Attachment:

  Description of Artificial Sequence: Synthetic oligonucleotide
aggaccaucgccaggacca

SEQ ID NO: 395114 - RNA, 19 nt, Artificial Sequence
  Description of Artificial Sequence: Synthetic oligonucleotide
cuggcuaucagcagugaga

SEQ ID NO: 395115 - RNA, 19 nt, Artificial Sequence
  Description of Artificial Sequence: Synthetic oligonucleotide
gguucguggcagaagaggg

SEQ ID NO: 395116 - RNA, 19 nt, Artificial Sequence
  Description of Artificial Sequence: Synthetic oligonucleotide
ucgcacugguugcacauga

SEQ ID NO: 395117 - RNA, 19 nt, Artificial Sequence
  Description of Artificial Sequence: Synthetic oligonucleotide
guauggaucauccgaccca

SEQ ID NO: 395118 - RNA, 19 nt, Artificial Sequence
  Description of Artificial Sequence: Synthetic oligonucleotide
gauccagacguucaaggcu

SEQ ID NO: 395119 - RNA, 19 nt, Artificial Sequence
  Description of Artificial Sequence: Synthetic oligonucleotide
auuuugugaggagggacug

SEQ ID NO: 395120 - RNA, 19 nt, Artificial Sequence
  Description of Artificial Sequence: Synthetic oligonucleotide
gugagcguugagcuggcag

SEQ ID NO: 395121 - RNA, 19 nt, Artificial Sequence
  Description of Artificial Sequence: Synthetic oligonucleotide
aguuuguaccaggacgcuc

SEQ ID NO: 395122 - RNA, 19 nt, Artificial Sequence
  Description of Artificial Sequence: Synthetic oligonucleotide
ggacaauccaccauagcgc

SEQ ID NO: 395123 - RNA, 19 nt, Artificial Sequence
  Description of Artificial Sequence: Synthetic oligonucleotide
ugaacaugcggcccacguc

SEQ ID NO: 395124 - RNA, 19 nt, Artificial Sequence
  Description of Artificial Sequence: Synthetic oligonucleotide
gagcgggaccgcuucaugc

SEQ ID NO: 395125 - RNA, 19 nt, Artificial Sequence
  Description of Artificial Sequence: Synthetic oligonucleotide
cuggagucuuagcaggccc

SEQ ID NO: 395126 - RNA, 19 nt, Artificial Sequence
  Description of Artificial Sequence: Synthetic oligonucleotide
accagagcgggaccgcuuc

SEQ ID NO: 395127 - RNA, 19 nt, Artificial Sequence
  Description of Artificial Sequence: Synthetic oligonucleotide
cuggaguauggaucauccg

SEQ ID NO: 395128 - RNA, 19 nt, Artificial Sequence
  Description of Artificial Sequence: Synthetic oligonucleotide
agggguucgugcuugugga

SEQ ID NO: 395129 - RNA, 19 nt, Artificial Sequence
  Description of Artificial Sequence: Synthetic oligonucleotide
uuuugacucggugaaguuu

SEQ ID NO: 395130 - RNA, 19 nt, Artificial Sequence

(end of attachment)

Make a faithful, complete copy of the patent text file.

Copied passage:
  Description of Artificial Sequence: Synthetic oligonucleotide
aggaccaucgccaggacca

SEQ ID NO: 395114 - RNA, 19 nt, Artificial Sequence
  Description of Artificial Sequence: Synthetic oligonucleotide
cuggcuaucagcagugaga

SEQ ID NO: 395115 - RNA, 19 nt, Artificial Sequence
  Description of Artificial Sequence: Synthetic oligonucleotide
gguucguggcagaagaggg

SEQ ID NO: 395116 - RNA, 19 nt, Artificial Sequence
  Description of Artificial Sequence: Synthetic oligonucleotide
ucgcacugguugcacauga

SEQ ID NO: 395117 - RNA, 19 nt, Artificial Sequence
  Description of Artificial Sequence: Synthetic oligonucleotide
guauggaucauccgaccca

SEQ ID NO: 395118 - RNA, 19 nt, Artificial Sequence
  Description of Artificial Sequence: Synthetic oligonucleotide
gauccagacguucaaggcu

SEQ ID NO: 395119 - RNA, 19 nt, Artificial Sequence
  Description of Artificial Sequence: Synthetic oligonucleotide
auuuugugaggagggacug

SEQ ID NO: 395120 - RNA, 19 nt, Artificial Sequence
  Description of Artificial Sequence: Synthetic oligonucleotide
gugagcguugagcuggcag

SEQ ID NO: 395121 - RNA, 19 nt, Artificial Sequence
  Description of Artificial Sequence: Synthetic oligonucleotide
aguuuguaccaggacgcuc

SEQ ID NO: 395122 - RNA, 19 nt, Artificial Sequence
  Description of Artificial Sequence: Synthetic oligonucleotide
ggacaauccaccauagcgc

SEQ ID NO: 395123 - RNA, 19 nt, Artificial Sequence
  Description of Artificial Sequence: Synthetic oligonucleotide
ugaacaugcggcccacguc

SEQ ID NO: 395124 - RNA, 19 nt, Artificial Sequence
  Description of Artificial Sequence: Synthetic oligonucleotide
gagcgggaccgcuucaugc

SEQ ID NO: 395125 - RNA, 19 nt, Artificial Sequence
  Description of Artificial Sequence: Synthetic oligonucleotide
cuggagucuuagcaggccc

SEQ ID NO: 395126 - RNA, 19 nt, Artificial Sequence
  Description of Artificial Sequence: Synthetic oligonucleotide
accagagcgggaccgcuuc

SEQ ID NO: 395127 - RNA, 19 nt, Artificial Sequence
  Description of Artificial Sequence: Synthetic oligonucleotide
cuggaguauggaucauccg

SEQ ID NO: 395128 - RNA, 19 nt, Artificial Sequence
  Description of Artificial Sequence: Synthetic oligonucleotide
agggguucgugcuugugga

SEQ ID NO: 395129 - RNA, 19 nt, Artificial Sequence
  Description of Artificial Sequence: Synthetic oligonucleotide
uuuugacucggugaaguuu

SEQ ID NO: 395130 - RNA, 19 nt, Artificial Sequence